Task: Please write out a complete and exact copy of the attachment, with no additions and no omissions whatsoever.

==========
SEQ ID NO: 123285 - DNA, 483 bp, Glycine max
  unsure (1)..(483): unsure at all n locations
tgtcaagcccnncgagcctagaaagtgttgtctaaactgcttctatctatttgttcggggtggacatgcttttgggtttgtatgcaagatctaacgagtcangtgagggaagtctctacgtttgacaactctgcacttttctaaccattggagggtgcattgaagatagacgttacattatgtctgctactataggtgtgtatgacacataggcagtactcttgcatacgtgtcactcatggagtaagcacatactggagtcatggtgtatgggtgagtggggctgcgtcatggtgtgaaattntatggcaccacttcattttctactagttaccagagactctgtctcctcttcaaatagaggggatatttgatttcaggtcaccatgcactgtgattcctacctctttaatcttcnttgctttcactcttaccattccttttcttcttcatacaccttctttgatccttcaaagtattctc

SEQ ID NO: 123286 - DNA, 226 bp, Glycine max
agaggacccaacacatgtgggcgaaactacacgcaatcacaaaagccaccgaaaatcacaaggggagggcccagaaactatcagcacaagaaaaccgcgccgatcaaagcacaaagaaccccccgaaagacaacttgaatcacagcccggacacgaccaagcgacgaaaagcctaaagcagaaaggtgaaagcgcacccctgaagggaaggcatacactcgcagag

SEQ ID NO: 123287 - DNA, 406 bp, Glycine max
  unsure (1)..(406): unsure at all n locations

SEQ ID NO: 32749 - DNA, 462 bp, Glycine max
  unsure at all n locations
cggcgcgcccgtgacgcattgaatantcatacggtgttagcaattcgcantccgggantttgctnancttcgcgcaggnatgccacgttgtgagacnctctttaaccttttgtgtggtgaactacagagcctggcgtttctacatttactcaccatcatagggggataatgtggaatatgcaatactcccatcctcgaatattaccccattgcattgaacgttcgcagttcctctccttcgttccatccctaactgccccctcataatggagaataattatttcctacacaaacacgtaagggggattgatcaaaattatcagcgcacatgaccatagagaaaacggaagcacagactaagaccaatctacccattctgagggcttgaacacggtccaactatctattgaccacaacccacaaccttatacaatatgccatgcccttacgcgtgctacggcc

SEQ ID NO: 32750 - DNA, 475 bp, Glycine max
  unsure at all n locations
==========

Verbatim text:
SEQ ID NO: 123285 - DNA, 483 bp, Glycine max
  unsure (1)..(483): unsure at all n locations
tgtcaagcccnncgagcctagaaagtgttgtctaaactgcttctatctatttgttcggggtggacatgcttttgggtttgtatgcaagatctaacgagtcangtgagggaagtctctacgtttgacaactctgcacttttctaaccattggagggtgcattgaagatagacgttacattatgtctgctactataggtgtgtatgacacataggcagtactcttgcatacgtgtcactcatggagtaagcacatactggagtcatggtgtatgggtgagtggggctgcgtcatggtgtgaaattntatggcaccacttcattttctactagttaccagagactctgtctcctcttcaaatagaggggatatttgatttcaggtcaccatgcactgtgattcctacctctttaatcttcnttgctttcactcttaccattccttttcttcttcatacaccttctttgatccttcaaagtattctc

SEQ ID NO: 123286 - DNA, 226 bp, Glycine max
agaggacccaacacatgtgggcgaaactacacgcaatcacaaaagccaccgaaaatcacaaggggagggcccagaaactatcagcacaagaaaaccgcgccgatcaaagcacaaagaaccccccgaaagacaacttgaatcacagcccggacacgaccaagcgacgaaaagcctaaagcagaaaggtgaaagcgcacccctgaagggaaggcatacactcgcagag

SEQ ID NO: 123287 - DNA, 406 bp, Glycine max
  unsure (1)..(406): unsure at all n locations

SEQ ID NO: 32749 - DNA, 462 bp, Glycine max
  unsure at all n locations
cggcgcgcccgtgacgcattgaatantcatacggtgttagcaattcgcantccgggantttgctnancttcgcgcaggnatgccacgttgtgagacnctctttaaccttttgtgtggtgaactacagagcctggcgtttctacatttactcaccatcatagggggataatgtggaatatgcaatactcccatcctcgaatattaccccattgcattgaacgttcgcagttcctctccttcgttccatccctaactgccccctcataatggagaataattatttcctacacaaacacgtaagggggattgatcaaaattatcagcgcacatgaccatagagaaaacggaagcacagactaagaccaatctacccattctgagggcttgaacacggtccaactatctattgaccacaacccacaaccttatacaatatgccatgcccttacgcgtgctacggcc

SEQ ID NO: 32750 - DNA, 475 bp, Glycine max
  unsure at all n locations